October 6, 2010

Yet Another Study Indicates Animal Agriculture is Killing the Planet

956cattle.jpgIn a 2006 report entitled Livestock's Long Shadow, the United Nations condemned animal agriculture as "one of the top two or three most significant contributors to the most serious environmental problems, at every scale from local to global," stating that raising animals for food contributes more to global climate change than all of the cars, trucks, ships, planes and other forms of transportation combined.

In June 2010, the United Nations declared that a global shift toward a vegan diet is vital to save the world from the most devastating impacts of climate change. Two years earlier, the Pew Charitable Trust's report, Putting Meat on The Table: Industrial Farm Animal Production in America, found that industrial animal agriculture "is not sustainable and presents an unacceptable level of risk to public health and damage to the environment, as well as unnecessary harm to the animals we raise for food."

And now, researchers at Canada's Dalhousie University have concluded that, based on current trends, raising animals for food will push the world near danger levels for global climate change and habitat destruction by the year 2050. The article entitled "Forecasting potential global environmental costs of livestock production 2000-2050" found that, due to population expansion, per capita meat consumption will have to be reduced by as much as 42% by 2050 just to keep environmental damage caused by animal agriculture at current levels.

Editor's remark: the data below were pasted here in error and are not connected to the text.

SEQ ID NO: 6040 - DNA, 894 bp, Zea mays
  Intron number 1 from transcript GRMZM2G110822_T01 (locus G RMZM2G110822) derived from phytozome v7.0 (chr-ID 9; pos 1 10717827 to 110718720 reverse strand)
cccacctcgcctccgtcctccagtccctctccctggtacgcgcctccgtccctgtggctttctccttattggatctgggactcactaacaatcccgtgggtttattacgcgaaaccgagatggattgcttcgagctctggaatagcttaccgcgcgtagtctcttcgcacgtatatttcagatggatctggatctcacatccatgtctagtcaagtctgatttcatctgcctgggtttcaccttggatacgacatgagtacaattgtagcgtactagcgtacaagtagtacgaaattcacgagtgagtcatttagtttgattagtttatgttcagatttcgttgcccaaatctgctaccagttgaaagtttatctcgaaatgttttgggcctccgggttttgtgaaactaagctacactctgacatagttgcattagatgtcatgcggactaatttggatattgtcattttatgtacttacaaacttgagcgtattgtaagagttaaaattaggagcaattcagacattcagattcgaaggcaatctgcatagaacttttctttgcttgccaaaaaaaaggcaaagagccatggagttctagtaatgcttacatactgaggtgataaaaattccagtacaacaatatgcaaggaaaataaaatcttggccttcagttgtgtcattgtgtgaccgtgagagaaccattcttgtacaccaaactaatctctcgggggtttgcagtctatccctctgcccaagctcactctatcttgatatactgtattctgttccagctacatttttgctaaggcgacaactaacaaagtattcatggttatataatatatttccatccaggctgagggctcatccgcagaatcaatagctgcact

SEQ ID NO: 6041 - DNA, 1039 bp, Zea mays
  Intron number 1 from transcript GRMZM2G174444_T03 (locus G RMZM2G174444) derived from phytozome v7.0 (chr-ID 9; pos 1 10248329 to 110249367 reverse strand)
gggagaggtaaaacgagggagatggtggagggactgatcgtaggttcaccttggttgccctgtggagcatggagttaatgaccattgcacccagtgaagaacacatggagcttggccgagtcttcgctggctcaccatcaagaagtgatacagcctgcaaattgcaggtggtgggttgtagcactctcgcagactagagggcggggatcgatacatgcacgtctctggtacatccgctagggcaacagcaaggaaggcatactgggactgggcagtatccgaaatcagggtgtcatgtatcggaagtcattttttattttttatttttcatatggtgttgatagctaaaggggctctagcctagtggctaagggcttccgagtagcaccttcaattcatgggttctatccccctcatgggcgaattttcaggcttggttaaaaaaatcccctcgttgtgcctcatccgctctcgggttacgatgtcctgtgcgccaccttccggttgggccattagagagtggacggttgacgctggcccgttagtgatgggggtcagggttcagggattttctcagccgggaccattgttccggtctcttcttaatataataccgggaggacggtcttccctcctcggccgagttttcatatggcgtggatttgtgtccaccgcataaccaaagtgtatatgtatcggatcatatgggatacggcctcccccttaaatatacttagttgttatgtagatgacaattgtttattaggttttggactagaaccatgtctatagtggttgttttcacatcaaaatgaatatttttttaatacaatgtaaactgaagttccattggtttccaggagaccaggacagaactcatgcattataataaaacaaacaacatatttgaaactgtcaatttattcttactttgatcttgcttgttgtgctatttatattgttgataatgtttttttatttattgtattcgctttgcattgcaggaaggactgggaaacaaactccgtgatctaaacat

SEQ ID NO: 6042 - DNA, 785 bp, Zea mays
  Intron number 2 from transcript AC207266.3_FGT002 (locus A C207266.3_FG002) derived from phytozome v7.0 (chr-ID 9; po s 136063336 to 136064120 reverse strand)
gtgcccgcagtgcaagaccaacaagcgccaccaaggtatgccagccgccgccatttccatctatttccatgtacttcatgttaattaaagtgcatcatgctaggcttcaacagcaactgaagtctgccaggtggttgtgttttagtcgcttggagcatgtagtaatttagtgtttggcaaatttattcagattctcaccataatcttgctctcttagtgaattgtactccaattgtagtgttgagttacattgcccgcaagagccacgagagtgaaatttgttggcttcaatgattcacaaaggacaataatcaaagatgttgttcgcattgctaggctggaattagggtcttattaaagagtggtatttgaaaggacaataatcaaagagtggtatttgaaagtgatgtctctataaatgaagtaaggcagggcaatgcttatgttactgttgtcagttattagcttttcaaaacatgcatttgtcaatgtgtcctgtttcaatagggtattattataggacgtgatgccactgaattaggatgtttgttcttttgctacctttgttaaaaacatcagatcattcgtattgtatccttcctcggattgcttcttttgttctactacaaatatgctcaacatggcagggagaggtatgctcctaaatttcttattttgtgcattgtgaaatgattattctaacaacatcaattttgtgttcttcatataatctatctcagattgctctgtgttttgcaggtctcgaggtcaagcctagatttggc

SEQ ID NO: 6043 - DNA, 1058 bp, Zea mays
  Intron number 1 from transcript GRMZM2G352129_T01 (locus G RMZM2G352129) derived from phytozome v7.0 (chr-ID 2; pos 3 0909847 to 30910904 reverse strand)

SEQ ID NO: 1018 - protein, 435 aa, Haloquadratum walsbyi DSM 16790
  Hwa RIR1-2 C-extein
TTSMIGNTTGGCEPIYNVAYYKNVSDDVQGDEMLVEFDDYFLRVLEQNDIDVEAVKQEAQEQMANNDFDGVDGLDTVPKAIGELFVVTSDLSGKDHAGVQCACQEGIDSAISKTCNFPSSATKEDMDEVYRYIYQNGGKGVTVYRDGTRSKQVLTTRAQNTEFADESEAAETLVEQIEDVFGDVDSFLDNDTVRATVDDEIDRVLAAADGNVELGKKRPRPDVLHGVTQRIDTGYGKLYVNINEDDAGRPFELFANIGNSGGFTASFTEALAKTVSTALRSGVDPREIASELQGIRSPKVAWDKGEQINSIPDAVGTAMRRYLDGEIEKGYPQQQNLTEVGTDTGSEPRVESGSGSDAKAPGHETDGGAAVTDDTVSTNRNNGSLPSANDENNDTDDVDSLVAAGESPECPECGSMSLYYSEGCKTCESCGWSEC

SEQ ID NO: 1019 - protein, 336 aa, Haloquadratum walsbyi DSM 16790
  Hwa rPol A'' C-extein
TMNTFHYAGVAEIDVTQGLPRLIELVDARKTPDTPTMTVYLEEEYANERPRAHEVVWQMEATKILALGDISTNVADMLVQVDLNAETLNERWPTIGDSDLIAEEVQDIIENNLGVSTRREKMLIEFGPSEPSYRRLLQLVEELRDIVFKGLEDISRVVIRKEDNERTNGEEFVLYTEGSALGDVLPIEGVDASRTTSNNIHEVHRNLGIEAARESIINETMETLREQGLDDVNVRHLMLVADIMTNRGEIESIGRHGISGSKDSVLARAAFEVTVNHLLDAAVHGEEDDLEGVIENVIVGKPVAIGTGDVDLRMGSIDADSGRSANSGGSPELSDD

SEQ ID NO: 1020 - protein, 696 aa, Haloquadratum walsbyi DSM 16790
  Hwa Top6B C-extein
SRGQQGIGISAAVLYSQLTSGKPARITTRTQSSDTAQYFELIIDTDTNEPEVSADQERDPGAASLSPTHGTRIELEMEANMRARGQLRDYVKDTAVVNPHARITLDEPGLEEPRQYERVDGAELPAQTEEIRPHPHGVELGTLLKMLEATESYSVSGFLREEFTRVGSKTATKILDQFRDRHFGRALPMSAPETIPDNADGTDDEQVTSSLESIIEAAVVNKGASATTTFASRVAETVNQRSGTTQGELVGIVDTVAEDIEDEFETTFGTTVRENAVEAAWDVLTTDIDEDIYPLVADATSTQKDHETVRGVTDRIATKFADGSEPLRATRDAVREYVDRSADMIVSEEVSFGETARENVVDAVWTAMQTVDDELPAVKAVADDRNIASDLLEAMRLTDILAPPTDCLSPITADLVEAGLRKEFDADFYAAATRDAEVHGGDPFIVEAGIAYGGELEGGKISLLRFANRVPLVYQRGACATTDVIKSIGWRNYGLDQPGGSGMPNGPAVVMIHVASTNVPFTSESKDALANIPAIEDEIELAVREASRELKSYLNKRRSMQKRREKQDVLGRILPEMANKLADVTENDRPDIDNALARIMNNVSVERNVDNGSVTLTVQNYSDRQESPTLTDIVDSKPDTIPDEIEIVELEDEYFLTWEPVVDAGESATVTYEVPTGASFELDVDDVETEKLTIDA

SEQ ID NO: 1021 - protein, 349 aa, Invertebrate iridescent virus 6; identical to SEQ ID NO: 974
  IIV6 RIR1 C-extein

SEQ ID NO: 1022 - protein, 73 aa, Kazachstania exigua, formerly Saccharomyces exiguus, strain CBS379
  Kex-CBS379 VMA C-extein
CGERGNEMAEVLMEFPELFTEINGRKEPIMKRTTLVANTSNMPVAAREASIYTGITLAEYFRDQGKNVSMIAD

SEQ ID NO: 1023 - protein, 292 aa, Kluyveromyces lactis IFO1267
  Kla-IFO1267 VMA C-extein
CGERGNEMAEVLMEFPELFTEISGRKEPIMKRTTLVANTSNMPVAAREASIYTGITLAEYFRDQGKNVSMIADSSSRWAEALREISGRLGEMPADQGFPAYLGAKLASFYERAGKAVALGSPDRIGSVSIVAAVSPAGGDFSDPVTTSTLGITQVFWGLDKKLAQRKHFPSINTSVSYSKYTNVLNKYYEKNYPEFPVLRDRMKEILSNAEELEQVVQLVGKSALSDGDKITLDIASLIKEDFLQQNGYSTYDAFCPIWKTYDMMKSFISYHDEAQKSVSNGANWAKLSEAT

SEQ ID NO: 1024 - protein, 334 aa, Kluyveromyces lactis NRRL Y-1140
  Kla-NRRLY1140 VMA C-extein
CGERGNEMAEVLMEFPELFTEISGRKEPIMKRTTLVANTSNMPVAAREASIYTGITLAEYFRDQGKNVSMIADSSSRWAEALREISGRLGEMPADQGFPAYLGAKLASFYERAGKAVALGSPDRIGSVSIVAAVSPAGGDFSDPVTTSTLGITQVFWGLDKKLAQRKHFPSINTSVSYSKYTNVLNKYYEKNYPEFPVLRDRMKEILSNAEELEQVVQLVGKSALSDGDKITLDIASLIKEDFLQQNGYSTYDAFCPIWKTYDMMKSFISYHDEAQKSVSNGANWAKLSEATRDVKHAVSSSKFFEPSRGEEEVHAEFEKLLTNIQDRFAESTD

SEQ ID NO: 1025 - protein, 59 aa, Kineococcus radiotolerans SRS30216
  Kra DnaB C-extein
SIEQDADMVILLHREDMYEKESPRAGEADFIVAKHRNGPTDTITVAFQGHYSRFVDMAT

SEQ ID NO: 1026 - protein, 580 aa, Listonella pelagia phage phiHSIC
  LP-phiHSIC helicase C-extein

Animal agriculture is an extremely inefficient and resource-intensive way to produce food for the growing human population. It pollutes our environment, while consuming huge amounts of water, grain, petroleum, pesticides and drugs. But, according to this new report, attempts to make animal agriculture more efficient will not be enough to stave off widespread environmental destruction. "Across the board reductions in per capita consumption of livestock products should ... be a policy priority," the report says.

According to a study released in April 2008, if per capita meat consumption were reduced to mid-20th century levels, the costs of climate change could be reduced by 50%. If simply reducing our meat consumption can have such a dramatic and positive effect on the environment, imagine how much more impact we can have by adopting a healthy and humane vegan lifestyle.
 
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